Making Writers Feel Like Writers.

 

My writing partner came up with this topic, and I had a real, “Huh?” moment. I think the reason for my momentary doubt was the question, “What does being a writer feel like?”

Which led to serious contemplation over my morning grapefruit.

While writers are a specific designation, like say, artist, there are subcategories of writer that can’t be ignored. Just as there are painters and sculptors, there are non-fiction authors, poets, and genre authors. Each of these types of writers have differing views on what a writer is.

However, on the other side of the looking glass, there are people who are not writers. And here’s where I felt like a writer – when being a writer made other people uncomfortable. Where people discounted my dreams because they involved being published. That’s when I felt like a writer – misunderstood, unappreciated and belittled.

Then why on Earth would you ever want to feel like a writer?

After several false attempts, I managed to get into a writing group with two highly talented writers. I had known both of these women for over fifteen years, but for the most part we were only just emerging to the public as writers. We got to work with a will, creating a format, cribbing from other groups we’d seen but didn’t fit into, and just generally having an idea of what we wanted for our group.

That group lasted a whole year, and we were quite pleasantly surprised. In a daring move, we even invited a new member to our sacred space.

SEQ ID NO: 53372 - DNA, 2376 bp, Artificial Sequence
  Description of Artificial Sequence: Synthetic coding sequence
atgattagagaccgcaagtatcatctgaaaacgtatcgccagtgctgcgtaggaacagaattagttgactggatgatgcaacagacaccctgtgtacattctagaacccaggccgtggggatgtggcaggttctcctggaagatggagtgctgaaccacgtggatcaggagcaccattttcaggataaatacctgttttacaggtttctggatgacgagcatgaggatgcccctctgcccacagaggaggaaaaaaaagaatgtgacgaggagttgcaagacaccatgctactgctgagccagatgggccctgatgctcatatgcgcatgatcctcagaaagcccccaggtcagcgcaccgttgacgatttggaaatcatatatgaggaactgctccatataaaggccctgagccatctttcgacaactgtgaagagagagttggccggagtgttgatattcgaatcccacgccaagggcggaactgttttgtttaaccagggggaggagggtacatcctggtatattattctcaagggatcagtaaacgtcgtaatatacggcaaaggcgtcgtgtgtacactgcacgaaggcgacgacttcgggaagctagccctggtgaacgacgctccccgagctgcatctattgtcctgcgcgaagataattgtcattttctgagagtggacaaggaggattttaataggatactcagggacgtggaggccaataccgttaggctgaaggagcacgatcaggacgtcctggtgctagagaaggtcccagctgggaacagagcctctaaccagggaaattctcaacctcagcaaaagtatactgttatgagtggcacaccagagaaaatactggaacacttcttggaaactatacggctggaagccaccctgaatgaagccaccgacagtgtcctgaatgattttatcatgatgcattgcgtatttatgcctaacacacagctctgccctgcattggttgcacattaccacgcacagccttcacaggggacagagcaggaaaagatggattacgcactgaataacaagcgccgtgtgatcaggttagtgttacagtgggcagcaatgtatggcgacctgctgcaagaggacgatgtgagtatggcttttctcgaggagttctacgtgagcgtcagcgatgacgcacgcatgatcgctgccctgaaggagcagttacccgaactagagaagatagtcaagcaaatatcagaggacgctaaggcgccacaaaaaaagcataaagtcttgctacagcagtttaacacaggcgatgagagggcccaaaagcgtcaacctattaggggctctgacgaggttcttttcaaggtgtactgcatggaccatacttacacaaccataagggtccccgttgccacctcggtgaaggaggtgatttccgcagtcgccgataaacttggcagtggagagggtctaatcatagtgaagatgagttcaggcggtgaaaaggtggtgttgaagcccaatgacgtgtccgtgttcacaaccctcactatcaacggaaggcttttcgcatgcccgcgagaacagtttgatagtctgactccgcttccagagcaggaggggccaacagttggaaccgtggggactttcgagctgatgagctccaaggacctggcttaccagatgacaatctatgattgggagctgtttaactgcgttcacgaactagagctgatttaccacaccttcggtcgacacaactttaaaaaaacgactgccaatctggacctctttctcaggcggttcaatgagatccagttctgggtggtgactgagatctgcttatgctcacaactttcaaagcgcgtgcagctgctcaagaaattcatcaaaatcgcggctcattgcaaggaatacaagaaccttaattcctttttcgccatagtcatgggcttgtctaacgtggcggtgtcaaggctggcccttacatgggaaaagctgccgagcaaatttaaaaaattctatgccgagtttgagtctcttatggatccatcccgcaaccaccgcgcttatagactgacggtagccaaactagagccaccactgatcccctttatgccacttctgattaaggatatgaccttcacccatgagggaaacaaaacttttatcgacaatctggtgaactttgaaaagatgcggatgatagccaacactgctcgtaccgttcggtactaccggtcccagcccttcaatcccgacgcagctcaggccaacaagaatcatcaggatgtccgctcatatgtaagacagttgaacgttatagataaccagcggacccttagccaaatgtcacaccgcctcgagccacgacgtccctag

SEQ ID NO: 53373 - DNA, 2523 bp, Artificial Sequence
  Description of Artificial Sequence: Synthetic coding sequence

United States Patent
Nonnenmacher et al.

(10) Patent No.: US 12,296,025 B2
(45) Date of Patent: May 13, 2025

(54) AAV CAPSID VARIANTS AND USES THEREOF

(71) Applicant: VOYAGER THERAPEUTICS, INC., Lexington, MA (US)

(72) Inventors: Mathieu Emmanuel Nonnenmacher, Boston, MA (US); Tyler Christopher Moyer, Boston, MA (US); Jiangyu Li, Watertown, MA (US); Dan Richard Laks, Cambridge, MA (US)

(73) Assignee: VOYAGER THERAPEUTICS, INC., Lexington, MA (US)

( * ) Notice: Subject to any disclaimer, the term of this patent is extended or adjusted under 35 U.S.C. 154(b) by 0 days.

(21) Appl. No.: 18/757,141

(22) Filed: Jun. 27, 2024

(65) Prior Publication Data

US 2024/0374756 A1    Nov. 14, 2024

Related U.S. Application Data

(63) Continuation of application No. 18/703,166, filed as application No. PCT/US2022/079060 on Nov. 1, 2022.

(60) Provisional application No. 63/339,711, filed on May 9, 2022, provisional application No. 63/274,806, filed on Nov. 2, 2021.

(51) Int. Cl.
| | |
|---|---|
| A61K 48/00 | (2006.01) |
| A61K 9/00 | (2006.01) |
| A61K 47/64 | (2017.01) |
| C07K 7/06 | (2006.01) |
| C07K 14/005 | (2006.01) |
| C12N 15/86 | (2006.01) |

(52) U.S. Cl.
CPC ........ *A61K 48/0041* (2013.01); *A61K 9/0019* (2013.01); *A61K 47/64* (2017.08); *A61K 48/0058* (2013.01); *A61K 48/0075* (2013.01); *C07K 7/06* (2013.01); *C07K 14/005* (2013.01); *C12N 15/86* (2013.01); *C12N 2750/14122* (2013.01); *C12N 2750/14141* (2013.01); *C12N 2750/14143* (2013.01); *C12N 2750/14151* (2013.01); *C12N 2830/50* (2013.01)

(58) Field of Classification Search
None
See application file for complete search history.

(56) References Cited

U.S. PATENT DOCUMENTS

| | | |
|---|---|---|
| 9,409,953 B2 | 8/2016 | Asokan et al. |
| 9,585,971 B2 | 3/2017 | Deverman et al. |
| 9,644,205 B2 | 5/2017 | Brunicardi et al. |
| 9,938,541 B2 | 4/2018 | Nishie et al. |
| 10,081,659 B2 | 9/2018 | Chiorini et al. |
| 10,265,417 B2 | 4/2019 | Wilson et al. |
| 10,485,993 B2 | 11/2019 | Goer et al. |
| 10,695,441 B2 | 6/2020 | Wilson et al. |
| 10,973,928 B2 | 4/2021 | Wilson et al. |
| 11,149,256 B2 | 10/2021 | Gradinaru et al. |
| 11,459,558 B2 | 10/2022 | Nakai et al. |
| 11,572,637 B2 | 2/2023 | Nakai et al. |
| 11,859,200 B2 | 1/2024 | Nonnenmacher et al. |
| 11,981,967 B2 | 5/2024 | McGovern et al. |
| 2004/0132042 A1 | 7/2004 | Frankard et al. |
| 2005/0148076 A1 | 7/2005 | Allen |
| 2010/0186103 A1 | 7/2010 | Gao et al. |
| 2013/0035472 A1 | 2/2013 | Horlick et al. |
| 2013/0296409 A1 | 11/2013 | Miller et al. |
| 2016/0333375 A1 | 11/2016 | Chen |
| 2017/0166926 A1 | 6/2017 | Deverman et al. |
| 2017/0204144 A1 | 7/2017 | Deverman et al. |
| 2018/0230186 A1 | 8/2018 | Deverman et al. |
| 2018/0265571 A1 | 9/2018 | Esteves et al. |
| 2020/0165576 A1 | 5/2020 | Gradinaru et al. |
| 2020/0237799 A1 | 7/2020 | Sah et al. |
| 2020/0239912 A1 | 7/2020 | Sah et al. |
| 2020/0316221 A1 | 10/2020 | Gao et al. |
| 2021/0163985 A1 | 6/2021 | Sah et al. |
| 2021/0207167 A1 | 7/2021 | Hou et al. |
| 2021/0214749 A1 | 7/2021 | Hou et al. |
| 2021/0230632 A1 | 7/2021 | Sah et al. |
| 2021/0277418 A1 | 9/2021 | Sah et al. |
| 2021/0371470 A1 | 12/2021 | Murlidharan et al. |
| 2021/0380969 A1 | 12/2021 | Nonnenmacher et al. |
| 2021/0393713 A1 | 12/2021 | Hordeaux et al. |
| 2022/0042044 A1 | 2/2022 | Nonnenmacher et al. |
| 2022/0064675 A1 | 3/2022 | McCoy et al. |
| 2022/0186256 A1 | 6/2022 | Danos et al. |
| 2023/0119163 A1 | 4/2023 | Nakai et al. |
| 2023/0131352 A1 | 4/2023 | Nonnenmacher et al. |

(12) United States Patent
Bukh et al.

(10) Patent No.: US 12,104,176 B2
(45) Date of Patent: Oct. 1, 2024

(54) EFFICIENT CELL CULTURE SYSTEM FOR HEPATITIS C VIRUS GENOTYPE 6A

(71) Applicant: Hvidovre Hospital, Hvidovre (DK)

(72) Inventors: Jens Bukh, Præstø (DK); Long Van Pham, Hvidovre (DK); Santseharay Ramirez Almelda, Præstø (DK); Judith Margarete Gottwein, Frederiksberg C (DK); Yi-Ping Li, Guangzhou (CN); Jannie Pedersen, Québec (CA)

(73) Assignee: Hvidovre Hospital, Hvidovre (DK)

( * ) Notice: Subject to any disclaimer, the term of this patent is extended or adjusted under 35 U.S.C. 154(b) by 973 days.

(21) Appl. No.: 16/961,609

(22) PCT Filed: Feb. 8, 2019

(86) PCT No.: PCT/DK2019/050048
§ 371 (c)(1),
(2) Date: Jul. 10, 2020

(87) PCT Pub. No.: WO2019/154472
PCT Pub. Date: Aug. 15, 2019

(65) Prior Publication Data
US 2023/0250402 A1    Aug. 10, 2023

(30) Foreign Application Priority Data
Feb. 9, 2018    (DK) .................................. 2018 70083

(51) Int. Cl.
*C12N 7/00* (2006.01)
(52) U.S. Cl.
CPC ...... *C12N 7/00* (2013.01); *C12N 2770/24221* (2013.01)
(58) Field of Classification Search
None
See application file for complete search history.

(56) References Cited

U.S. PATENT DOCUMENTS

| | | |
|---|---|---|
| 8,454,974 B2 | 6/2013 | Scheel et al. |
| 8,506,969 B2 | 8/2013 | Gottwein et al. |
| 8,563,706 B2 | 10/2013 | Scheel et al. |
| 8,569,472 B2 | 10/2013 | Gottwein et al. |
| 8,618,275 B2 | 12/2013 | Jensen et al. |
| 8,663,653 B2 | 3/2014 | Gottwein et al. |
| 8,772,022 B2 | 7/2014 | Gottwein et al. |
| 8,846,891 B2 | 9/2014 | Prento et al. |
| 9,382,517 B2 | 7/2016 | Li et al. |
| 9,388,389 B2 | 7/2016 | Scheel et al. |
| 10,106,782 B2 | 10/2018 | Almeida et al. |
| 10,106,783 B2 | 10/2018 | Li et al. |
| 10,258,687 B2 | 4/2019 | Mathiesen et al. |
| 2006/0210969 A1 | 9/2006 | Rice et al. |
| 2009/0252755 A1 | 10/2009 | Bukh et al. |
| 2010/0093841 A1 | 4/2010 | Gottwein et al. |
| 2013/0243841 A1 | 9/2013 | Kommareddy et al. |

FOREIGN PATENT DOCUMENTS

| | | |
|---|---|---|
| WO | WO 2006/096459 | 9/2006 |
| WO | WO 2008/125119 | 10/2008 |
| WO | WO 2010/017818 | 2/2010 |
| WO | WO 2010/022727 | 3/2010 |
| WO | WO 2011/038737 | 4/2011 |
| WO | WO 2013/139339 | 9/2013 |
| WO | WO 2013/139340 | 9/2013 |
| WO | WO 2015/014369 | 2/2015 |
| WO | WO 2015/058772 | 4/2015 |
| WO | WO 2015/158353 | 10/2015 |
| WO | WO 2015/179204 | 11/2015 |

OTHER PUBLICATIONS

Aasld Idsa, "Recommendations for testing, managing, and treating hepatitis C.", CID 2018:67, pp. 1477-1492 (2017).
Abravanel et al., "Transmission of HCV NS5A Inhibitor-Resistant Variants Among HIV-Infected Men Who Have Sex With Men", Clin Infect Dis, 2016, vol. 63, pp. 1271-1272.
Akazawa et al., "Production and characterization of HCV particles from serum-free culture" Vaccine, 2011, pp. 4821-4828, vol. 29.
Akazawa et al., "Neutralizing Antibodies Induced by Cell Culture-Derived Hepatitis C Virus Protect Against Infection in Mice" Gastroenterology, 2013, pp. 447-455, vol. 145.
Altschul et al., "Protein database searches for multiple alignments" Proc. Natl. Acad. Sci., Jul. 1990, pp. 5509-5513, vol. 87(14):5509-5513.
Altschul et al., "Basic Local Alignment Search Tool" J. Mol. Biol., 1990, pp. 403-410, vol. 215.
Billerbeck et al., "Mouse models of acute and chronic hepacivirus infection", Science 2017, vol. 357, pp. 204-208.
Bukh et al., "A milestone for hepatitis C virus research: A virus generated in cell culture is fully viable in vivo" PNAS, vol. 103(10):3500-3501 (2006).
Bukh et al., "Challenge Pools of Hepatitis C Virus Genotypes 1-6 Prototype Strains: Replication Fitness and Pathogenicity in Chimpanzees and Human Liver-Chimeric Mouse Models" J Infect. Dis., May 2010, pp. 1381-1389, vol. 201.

Our writers group became that place, that safe spot where we could talk about all the little details that go into making a book great. We’d read each other’s work and critique it. We didn’t just hand it back with an, “It’s good.” We got nitty and gritty and worked to tell each other what was wrong, but in a way that wasn’t combative or rude.

This is what it feels like to be a writer, the way I think of it. Being part of a community that works to help improve both our work and others work. Being able to make jokes about font or grammar or characters who aren’t acting as expected. I’ve explained it this way before; if you knit, I will appreciate the scarf or the socks or the hat that you show me, but I don’t want an explanation as to the pattern, the type of yarn, or what sized needles you used to make it. I understand that most readers won’t actively map the character arc, or compare and contrast the hero with the villain. That’s my job. To tell you a good story.

Writers gotta write. You know if you’re a writer, because you know exactly what it feels like to be a writer. And that’s why we’re here, to help writers find their way to telling their stories.